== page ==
In the world of email subject lines you only get one chance to make a first impression. A mere minute to tempt your reader. We recently took a look back at our top 10 performing subject lines to see what sets them apart & share some insights we learned along the way.
Lesson 1: Size MattersA good rule of thumb is to keep it short. Short subject lines are often the most effective. Keep the subject lines in the 3-5 word range or under 50 characters.
Lesson 2: Know Your AudienceThink about your list. Who exactly are you emailing? Do these folks already have a relationship with your organization? If so, try to incorporate that connection into your subject line. For example, we have many donors who gave on our site because of Stephen Colbert (he’s on our board too!). When we communicate with this group we try to work in a Colbert shout-out in the subject line to grab their attention. If you’re cold-emailing or sending to new subscribers, a catchy subject line is the way to go. Keep it vague and slightly mysterious to give readers that extra nudge (there’s a reason why “Cake, anyone?” was one of our most-opened emails).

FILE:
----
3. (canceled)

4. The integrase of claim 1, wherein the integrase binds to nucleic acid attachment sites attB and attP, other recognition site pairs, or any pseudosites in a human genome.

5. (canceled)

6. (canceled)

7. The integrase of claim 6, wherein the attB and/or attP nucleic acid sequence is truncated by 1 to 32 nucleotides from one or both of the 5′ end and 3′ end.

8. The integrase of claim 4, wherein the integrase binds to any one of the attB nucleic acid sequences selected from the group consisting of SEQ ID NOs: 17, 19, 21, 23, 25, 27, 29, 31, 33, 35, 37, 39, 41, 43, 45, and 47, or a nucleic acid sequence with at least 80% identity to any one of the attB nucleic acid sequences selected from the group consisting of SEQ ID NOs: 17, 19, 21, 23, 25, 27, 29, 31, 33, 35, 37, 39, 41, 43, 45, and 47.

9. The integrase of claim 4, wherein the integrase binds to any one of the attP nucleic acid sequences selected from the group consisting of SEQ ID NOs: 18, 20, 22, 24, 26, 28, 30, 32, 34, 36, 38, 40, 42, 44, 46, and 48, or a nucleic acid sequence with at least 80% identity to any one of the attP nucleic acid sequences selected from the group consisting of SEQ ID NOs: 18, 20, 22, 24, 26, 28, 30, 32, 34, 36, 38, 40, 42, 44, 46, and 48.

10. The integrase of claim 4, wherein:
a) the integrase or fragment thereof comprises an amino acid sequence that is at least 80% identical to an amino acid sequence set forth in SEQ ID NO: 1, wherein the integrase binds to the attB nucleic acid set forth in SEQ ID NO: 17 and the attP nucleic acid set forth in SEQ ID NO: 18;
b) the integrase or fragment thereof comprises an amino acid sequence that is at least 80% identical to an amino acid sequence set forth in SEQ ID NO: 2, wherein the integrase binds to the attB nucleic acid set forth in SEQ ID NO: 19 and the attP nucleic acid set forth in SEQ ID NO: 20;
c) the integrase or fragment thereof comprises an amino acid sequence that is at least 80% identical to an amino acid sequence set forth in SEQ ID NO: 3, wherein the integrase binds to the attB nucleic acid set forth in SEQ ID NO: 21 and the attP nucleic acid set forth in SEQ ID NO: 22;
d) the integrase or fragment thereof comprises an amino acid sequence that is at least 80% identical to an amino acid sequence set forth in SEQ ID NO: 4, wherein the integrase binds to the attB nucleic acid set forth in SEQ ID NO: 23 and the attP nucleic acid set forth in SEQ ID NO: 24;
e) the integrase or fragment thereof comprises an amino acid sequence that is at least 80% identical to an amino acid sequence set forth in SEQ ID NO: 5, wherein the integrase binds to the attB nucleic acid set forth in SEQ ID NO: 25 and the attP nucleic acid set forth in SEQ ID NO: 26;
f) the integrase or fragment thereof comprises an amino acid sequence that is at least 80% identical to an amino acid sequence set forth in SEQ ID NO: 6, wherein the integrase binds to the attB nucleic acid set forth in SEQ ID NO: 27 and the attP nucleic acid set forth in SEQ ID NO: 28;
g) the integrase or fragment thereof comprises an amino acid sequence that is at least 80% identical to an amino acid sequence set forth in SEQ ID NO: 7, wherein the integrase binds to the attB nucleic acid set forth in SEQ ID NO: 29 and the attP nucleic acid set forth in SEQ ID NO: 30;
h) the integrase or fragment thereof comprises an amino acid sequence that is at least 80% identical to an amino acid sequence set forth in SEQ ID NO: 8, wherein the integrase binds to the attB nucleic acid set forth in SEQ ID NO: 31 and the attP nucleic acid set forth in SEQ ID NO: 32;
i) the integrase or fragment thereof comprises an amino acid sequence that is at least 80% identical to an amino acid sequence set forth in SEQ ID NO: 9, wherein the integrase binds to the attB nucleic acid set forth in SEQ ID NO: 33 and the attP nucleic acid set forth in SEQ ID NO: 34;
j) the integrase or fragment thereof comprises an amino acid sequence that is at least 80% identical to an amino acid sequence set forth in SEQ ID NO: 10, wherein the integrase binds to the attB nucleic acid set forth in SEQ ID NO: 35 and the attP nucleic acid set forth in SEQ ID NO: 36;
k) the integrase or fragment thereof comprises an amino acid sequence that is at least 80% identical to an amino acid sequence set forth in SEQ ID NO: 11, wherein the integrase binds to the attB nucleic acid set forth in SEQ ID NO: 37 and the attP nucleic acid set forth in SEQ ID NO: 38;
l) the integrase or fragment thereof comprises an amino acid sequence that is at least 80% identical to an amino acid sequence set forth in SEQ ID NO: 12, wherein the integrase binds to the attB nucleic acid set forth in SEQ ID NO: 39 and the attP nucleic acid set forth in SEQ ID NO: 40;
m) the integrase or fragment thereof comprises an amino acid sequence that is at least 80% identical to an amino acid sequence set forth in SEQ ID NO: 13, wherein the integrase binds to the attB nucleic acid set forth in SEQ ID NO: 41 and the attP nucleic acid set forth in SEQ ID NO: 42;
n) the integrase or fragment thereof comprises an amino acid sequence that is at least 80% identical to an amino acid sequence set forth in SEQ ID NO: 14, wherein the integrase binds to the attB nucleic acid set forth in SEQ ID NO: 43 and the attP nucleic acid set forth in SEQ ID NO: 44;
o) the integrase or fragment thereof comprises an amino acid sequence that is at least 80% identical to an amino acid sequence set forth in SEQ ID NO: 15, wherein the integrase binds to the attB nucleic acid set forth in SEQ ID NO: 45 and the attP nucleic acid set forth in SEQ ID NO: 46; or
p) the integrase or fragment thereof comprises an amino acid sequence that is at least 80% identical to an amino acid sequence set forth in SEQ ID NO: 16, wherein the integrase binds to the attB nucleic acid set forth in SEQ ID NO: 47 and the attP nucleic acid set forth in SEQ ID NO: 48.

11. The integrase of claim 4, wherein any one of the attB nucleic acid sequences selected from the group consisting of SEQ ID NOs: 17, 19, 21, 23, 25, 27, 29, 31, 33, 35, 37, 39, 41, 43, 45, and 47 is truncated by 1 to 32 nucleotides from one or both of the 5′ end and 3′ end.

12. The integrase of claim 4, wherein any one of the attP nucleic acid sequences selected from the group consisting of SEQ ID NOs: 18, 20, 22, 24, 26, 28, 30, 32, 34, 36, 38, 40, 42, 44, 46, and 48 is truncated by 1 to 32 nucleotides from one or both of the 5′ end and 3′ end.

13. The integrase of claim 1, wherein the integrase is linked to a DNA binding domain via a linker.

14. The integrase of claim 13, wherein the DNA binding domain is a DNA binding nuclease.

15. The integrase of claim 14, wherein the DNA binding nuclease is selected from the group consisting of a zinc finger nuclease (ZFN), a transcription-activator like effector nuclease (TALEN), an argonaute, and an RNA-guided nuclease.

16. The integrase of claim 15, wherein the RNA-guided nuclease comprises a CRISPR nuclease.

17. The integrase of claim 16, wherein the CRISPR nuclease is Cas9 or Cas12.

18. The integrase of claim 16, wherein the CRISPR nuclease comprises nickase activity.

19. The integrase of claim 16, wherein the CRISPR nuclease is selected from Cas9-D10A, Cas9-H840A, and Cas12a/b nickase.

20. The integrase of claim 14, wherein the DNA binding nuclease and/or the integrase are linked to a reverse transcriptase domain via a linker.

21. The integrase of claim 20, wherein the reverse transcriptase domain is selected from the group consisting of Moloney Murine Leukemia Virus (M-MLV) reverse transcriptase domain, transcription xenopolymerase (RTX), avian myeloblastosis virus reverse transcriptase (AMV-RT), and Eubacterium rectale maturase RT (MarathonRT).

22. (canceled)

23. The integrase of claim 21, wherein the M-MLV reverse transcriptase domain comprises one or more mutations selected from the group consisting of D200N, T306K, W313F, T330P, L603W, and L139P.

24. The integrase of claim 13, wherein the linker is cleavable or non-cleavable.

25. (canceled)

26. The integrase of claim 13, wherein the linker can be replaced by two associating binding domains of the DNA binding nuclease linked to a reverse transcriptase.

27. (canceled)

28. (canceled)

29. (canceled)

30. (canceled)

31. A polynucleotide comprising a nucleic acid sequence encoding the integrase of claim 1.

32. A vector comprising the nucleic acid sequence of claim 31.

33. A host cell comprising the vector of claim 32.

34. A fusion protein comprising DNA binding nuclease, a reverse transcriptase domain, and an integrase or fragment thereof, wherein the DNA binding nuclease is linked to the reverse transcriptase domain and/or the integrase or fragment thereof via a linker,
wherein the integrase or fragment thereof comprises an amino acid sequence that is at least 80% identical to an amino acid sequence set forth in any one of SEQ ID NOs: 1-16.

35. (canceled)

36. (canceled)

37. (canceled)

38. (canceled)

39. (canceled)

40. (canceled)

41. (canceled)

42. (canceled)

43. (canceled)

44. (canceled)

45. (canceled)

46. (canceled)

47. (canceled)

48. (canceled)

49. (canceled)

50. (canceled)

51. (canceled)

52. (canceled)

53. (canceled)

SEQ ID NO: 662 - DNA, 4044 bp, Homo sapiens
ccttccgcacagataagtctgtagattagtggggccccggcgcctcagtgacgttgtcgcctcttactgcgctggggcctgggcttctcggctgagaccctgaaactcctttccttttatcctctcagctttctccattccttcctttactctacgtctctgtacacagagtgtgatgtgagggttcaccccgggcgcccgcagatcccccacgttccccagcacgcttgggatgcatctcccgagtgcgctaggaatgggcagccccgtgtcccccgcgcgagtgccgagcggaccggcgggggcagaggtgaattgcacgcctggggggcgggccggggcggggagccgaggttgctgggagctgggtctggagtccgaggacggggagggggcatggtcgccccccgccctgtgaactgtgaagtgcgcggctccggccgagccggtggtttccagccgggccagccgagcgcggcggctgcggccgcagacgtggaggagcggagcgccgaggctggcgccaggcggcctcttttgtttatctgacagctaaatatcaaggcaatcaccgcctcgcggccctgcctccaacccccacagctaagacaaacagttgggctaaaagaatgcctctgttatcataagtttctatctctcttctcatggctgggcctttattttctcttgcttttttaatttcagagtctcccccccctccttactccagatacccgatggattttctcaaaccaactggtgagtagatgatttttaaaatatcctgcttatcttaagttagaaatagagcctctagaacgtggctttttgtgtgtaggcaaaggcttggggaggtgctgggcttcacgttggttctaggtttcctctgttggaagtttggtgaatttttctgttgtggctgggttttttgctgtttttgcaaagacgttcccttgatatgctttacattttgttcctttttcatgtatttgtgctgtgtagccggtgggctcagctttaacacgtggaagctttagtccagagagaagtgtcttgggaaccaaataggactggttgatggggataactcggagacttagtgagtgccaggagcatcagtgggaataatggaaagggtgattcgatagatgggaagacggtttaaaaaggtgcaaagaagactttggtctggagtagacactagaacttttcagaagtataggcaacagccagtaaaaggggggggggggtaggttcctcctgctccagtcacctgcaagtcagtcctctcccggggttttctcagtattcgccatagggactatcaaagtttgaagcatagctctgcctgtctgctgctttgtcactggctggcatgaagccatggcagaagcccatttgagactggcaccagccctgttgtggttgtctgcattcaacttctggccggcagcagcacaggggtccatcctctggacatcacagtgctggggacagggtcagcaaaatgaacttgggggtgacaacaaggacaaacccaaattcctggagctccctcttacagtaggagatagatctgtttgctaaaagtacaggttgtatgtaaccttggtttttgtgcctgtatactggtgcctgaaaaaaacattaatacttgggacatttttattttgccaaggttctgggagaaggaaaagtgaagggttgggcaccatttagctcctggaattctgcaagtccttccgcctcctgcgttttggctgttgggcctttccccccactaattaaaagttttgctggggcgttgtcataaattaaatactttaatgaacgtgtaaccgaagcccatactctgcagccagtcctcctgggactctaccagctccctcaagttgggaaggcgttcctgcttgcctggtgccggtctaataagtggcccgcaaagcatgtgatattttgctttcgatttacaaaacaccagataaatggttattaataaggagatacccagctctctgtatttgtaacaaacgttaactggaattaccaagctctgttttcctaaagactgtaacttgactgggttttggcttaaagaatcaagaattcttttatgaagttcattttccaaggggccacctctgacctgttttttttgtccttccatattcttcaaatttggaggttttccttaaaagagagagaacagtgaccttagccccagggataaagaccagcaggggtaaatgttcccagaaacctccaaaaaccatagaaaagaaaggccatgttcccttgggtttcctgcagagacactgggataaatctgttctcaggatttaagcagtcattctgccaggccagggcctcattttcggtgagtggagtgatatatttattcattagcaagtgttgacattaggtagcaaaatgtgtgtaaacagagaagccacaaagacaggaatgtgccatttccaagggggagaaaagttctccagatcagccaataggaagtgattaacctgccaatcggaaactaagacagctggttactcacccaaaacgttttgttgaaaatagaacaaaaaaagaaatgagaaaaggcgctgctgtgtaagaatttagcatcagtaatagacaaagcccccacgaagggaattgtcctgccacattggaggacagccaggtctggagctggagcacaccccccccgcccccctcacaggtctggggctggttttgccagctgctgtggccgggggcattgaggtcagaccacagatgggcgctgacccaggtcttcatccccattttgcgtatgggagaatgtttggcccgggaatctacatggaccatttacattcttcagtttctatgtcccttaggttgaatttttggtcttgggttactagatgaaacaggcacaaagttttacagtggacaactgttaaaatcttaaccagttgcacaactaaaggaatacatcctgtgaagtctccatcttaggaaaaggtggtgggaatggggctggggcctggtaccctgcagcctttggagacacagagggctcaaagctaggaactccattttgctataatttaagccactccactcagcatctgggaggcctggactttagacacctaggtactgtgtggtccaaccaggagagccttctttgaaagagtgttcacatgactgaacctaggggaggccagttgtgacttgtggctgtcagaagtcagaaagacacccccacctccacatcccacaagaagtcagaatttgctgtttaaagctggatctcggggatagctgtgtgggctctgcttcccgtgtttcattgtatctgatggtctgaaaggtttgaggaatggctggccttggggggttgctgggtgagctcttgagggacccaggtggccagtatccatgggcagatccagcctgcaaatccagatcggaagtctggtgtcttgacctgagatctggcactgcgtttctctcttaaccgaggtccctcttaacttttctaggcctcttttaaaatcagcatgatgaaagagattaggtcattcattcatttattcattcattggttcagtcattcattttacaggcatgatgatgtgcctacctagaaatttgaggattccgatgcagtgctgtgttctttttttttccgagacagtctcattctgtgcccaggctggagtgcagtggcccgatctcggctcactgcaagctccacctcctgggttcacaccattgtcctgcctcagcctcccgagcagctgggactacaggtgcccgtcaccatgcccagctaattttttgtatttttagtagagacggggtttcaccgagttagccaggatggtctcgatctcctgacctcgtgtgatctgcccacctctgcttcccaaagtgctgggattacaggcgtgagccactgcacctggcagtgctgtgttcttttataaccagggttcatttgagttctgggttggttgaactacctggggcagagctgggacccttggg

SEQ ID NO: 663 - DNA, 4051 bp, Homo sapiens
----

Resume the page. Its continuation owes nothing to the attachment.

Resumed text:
Lesson 3: Opening an Email vs. Opening Your WalletRemember those vague & mysterious subject lines? They may get a lot of opens, but don’t always inspire donations (and that’s okay!). Have a goal on what you want your email subject line to accomplish. Is it high readership, or do you want folks to take action? Adjust accordingly.
Lesson 4: Get InspiredDiscover how other organizations use subject lines and keep it fresh. Sign up for as many email newsletters as you can and monitor on a weekly basis. Notice how marketers use holidays and personalization to reach their consumer base (personal faves for subject lines are LearnVest & Obama for America).
Without further adue, here are our top 10 subject lines of all time!10. Colbert in paint9. Hey Reddit! Thanks!8. A memorable image7. They lost everything6. Happy birthday from DonorsChoose.org5. Two of your friends4. Your new best friend3. Help us thank %%Teacher Name%% (the teacher donor had supported in the past)2. For tax filing: Your 2011 giving from DonorsChoose.org1. Cake, Anyone?